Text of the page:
Corinna Mantlo



High Gear

“Mad Max: Fury Road.”


George Miller’s new film gathers up all that we seem to crave, right now, from our movies, and yanks it to the limit.
George Miller’s new film gathers up all that we seem to crave, right now, from our movies, and yanks it to the limit.

There is a moment, in “Mad Max: Fury Road,” when Max (Tom Hardy) washes blood off his face. This is unsurprising, since he has just engaged in one of many fights, but two points are worthy of note. First, the blood is not his. Second, he washes it off not with water but with mother’s milk, siphoned from a gas tanker. And there, in one image, you have George Miller’s film—wild and unrelenting, but also possessed of the outlandish poetry, laced with hints of humor, that rises to the surface when the world is all churned up.

The movie is set in the near future. There are no cities or civilizations left. The landscape is dying of thirst; water—known as Aqua Cola—is severely rationed; and other resources, notably gasoline, are hoarded and tussled over like scraps of food. Max is a survivor, like everyone else, and, as we join the stream of action, he is captured and hauled into servitude at the Citadel. Girded with towers of rock, this is the desert stronghold of Immortan Joe (Hugh Keays-Byrne), a monstrous figure who lords it over a swarm of ragged wretches. His toadlike skin is caged in a transparent breastplate, and he breathes through a mask that’s armed with yellowing horses’ teeth and fed by bellows that wheeze up and down on the back of his neck. Probably a charming fellow, once you get to know him.

Max, being Max, tries to escape, only to be grabbed once more and strapped to the front of a vehicle, like a fender of flesh, with his sturdy features barred by a metal grille. Tom Hardy fans, who struggled so intently to understand him when he played Bane, in “The Dark Knight Rises,” may be less than thrilled to learn that their hero’s speech is yet again impeded. Just as you’re wondering if the poor guy will ever express himself freely, however, Imperator Furiosa (Charlize Theron), a new acquaintance of Max’s, asks, “You want that thing off your face?” The day is saved, though it’s not as if he starts chatting away like Cary Grant in “His Girl Friday.” You could tattoo the entirety of Max’s dialogue onto his biceps. One of his longest lines is “Hope is a mistake.”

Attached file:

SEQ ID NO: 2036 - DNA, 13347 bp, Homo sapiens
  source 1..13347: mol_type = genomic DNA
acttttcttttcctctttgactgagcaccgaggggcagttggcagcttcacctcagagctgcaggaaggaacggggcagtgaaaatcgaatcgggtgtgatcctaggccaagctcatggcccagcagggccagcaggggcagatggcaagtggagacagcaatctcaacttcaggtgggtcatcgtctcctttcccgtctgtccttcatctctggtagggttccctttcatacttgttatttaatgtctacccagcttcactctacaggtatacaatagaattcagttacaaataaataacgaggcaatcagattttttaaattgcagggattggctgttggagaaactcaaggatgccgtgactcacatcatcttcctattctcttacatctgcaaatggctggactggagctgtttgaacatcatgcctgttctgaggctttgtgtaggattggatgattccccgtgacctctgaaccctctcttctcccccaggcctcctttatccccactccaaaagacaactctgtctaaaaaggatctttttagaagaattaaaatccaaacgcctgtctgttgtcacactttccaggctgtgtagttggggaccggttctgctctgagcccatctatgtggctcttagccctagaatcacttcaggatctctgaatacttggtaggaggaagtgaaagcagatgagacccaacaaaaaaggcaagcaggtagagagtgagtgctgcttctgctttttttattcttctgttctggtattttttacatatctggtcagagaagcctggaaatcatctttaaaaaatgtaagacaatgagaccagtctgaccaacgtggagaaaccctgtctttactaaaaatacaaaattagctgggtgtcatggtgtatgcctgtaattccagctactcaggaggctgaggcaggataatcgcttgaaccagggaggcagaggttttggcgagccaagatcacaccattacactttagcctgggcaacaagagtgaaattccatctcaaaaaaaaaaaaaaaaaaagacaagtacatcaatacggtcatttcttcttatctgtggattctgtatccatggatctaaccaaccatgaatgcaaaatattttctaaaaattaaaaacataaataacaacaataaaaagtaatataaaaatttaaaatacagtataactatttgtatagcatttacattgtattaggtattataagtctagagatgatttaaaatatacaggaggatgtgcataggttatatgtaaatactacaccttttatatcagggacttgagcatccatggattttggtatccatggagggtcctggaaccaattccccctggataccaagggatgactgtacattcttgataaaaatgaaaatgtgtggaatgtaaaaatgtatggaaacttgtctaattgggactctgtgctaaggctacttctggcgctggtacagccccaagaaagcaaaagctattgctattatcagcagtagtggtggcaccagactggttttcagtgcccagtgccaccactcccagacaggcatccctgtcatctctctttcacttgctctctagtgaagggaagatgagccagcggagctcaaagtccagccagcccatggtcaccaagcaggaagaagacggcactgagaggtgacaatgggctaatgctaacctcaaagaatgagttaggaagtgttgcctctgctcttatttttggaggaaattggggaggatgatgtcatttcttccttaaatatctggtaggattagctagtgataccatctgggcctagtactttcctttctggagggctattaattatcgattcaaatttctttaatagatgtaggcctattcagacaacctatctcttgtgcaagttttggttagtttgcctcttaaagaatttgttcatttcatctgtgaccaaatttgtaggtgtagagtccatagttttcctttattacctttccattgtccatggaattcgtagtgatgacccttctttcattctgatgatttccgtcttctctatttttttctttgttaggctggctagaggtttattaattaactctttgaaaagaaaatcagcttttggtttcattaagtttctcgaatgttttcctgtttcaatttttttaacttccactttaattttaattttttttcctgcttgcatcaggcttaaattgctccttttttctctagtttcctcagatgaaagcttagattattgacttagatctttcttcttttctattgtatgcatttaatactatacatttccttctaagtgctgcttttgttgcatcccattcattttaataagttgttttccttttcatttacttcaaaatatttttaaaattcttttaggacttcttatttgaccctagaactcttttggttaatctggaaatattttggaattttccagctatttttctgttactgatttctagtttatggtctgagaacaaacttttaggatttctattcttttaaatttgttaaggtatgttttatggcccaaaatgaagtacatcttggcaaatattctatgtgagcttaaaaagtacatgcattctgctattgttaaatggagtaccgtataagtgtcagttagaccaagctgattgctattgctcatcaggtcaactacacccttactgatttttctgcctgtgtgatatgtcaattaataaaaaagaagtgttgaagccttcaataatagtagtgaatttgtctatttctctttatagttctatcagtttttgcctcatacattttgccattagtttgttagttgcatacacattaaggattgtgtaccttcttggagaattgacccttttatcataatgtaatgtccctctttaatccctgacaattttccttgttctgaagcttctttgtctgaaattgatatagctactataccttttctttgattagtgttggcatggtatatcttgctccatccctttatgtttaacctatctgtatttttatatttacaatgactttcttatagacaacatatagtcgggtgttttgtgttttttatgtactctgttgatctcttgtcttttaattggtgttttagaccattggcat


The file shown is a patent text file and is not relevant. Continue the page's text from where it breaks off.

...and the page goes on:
Furiosa has a prosthetic arm, and her tendency to smear black grease across her brow may cause the fragrance honchos at Dior, where Theron is paid to spread the word about J’Adore, to reach for their atomizers. Furiosa is a driver, employed by Joe’s henchmen to transport precious fuel, who suddenly goes rogue, steering the War Rig, her vast and snarling truck, off course. A posse is dispatched to hunt her down. We soon discover her concealed cargo—the Wives, five young women who were imprisoned by Immortan Joe and doomed to bear his children. Our first glimpse of them bodes ill: limber beauties, draped in muslin underwear and hosing themselves down in the middle of nowhere. It’s like the start of a Playboy shoot. Yet the film not only recovers but winds up as a testament to female resilience, thanks to the Vuvalini—a small and leathery tribe of matriarchs, described by the film’s production designer as “lovely old bikie chicks.” Astride belching motorcycles, they hare up and down sand dunes, and accompany Max, Furiosa, and the Wives on the final leg of the plot.